The funny thing about sounds and smells is the way they can cause a pleasant stir of emotion or wave of nostalgia when you experience them. It could be the sound of rain pattering on a window as you lay warm in bed or smell of freshly cut grass that takes you back to days playing in the fields. In Japan, the loud cry of the cicada moth is the sound of summer, but in the UK, the cricket’s chirp is the sound of summer evenings.
Cricket is an example of a word that developed from onomatopoeia; that is, the sound of the word cricket was formed by imitating the sound of this insect’s chirp. It derives from the 12th century French word criquet, which now denotes the locust. From Old French, then, and into Anglo-Norman, came the word criket. The Middle French verb criquer meant “to make a dry sound” and the English translation was “to crick”, which means to make a thin, sharp sound.
Some nice examples of this verb can be found in the following two excerpts: “Creckets that haunt the hearth and stocke of chimnies, where they make many holes, and lie cricking alowd in the night” (The historie of the world, commonly called the Naturall Historie of C. Plinius Secundus, 1601), and from Vladimir Nabokov in Pale fire (1962) comes the simple line “The cricket cricked”.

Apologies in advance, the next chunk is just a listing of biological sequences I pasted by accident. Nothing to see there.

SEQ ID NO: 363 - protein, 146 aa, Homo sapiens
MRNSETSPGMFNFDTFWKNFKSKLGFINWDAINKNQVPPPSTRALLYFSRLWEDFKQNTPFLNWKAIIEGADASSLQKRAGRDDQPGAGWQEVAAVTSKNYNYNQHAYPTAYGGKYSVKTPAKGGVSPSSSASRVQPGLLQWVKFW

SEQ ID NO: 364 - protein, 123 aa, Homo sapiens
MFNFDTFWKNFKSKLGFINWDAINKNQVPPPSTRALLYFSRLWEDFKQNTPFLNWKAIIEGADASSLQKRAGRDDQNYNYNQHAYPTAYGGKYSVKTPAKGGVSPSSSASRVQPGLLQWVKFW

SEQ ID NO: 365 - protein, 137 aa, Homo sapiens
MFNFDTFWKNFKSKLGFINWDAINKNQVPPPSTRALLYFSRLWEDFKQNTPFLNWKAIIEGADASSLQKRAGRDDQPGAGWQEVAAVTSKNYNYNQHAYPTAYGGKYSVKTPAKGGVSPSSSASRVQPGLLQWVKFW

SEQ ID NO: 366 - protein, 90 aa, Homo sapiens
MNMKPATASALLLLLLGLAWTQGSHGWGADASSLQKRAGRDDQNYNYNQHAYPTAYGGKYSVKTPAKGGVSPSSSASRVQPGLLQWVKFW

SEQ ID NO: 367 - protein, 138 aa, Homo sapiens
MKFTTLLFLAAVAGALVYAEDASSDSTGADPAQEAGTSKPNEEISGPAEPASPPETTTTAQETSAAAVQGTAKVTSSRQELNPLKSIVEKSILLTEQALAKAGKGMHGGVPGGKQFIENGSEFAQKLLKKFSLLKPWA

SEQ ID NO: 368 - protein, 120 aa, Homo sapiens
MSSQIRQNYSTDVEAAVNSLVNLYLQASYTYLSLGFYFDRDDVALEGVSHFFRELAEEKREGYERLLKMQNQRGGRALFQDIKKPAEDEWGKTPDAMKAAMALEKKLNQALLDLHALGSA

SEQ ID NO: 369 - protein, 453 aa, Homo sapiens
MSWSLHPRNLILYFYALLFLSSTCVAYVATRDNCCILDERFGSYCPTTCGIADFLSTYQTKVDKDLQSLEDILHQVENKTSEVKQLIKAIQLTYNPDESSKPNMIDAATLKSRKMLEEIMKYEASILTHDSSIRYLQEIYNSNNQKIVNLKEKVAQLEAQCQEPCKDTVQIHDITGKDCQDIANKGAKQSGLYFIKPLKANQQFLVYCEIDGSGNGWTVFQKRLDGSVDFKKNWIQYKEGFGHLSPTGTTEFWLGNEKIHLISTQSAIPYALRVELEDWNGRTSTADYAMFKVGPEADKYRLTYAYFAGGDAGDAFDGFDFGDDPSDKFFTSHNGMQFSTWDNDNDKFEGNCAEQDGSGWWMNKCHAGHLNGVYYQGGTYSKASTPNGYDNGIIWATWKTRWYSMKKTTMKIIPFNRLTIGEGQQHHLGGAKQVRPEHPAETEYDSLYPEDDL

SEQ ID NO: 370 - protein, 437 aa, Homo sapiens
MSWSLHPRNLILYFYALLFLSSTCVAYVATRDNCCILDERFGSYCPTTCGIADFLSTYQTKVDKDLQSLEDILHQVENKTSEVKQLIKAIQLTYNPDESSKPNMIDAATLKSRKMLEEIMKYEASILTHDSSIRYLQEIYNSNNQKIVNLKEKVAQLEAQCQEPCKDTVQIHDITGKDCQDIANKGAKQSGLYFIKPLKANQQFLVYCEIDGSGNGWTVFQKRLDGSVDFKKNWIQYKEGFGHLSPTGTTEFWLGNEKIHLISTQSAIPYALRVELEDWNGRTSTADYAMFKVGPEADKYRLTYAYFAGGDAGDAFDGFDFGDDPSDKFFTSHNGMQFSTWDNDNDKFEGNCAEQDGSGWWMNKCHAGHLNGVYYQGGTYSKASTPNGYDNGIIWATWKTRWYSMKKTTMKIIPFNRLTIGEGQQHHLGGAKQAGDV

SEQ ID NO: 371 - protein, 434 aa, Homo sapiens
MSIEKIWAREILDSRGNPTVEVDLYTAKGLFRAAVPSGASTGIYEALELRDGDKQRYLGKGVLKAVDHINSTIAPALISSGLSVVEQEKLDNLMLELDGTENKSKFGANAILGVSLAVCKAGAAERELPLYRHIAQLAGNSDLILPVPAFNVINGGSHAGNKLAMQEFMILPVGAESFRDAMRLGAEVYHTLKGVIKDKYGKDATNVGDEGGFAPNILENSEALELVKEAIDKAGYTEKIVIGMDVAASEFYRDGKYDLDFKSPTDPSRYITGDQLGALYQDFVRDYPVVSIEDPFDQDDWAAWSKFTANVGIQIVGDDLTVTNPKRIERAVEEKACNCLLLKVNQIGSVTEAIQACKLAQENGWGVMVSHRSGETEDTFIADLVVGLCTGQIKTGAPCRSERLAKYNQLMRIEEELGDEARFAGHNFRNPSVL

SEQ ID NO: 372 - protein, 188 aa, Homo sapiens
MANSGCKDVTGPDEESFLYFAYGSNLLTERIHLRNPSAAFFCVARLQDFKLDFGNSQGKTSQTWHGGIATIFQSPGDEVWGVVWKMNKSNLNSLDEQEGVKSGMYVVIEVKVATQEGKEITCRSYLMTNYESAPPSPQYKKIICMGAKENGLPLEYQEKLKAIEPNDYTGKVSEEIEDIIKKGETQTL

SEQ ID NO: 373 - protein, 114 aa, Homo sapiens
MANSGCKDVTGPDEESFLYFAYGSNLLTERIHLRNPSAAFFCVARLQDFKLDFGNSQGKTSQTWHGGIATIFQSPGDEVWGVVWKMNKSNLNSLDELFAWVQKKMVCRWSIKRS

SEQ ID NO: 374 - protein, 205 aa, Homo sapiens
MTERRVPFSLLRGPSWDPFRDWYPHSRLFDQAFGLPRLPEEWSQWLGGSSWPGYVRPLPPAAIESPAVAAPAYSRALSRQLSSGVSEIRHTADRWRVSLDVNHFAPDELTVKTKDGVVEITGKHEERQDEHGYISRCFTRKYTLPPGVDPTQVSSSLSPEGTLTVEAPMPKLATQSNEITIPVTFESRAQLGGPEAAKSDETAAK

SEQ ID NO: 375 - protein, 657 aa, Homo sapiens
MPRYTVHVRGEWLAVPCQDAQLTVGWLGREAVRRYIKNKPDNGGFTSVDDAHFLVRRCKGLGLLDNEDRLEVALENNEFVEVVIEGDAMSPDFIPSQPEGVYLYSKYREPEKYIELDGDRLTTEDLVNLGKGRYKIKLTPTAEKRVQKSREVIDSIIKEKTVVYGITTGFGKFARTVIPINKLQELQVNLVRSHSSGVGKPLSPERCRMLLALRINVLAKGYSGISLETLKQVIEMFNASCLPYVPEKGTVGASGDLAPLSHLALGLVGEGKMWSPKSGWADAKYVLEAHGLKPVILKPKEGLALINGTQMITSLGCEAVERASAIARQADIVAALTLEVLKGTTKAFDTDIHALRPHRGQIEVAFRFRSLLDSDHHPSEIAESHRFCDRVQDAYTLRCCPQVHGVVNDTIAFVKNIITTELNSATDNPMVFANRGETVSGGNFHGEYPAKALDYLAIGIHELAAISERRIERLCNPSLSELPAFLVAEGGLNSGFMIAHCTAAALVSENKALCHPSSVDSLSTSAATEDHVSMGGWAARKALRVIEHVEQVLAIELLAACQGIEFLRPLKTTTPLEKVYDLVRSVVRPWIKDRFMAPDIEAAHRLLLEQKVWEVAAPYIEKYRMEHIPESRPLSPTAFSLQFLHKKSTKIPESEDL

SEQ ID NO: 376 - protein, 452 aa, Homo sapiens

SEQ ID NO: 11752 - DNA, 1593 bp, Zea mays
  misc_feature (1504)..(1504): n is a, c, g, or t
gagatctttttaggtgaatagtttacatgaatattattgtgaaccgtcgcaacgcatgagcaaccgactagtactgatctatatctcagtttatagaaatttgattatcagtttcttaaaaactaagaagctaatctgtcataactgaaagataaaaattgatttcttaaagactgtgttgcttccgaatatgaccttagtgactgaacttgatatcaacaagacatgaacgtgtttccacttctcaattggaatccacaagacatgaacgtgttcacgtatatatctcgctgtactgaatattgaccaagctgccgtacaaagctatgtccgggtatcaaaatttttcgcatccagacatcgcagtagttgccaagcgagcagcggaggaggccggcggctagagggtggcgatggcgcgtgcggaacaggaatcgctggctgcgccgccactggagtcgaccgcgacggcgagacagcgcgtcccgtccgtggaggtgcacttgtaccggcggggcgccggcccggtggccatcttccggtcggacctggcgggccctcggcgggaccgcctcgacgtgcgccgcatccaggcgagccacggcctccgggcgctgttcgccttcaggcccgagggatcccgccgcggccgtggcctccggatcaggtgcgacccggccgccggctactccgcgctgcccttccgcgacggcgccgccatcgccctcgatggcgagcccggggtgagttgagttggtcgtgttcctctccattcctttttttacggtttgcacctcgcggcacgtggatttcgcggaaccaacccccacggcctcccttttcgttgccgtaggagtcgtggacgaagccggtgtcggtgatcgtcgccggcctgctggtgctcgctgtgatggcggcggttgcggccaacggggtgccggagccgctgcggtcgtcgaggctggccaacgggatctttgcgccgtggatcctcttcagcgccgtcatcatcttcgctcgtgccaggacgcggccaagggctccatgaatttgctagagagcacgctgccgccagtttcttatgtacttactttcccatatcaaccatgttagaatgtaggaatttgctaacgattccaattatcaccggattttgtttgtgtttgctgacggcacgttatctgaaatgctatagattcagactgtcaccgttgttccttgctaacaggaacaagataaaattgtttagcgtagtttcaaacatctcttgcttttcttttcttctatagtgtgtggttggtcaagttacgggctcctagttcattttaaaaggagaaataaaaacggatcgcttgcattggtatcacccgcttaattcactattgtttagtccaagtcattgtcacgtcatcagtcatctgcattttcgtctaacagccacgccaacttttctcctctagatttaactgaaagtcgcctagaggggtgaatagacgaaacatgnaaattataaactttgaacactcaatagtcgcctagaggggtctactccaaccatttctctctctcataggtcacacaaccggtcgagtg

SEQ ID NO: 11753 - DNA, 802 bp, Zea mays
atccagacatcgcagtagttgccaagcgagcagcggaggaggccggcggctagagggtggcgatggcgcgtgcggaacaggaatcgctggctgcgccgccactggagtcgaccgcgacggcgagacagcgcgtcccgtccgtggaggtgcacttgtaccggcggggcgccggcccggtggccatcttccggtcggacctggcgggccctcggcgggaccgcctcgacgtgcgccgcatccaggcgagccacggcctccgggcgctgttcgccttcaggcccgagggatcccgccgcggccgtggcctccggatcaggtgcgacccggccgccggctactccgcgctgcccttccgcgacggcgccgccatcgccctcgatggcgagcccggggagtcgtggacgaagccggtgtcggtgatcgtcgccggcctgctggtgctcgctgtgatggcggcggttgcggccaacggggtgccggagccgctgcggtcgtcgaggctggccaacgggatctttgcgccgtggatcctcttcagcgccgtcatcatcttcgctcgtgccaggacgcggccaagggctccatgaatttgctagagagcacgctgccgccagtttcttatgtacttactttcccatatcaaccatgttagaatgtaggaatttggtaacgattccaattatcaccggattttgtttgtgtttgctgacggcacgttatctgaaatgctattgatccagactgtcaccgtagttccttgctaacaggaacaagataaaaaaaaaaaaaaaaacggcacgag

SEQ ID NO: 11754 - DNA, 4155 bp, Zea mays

Of course, the cricket isn’t sitting in the undergrowth humming its tune just for our enjoyment. What it is doing is called stridulation: it rubs together specific parts of its left and right forewings in its effort to sing to the females or ward off the males. While we enjoy the calming effect of their gentle chirp, they are busy with their endeavors to procreate.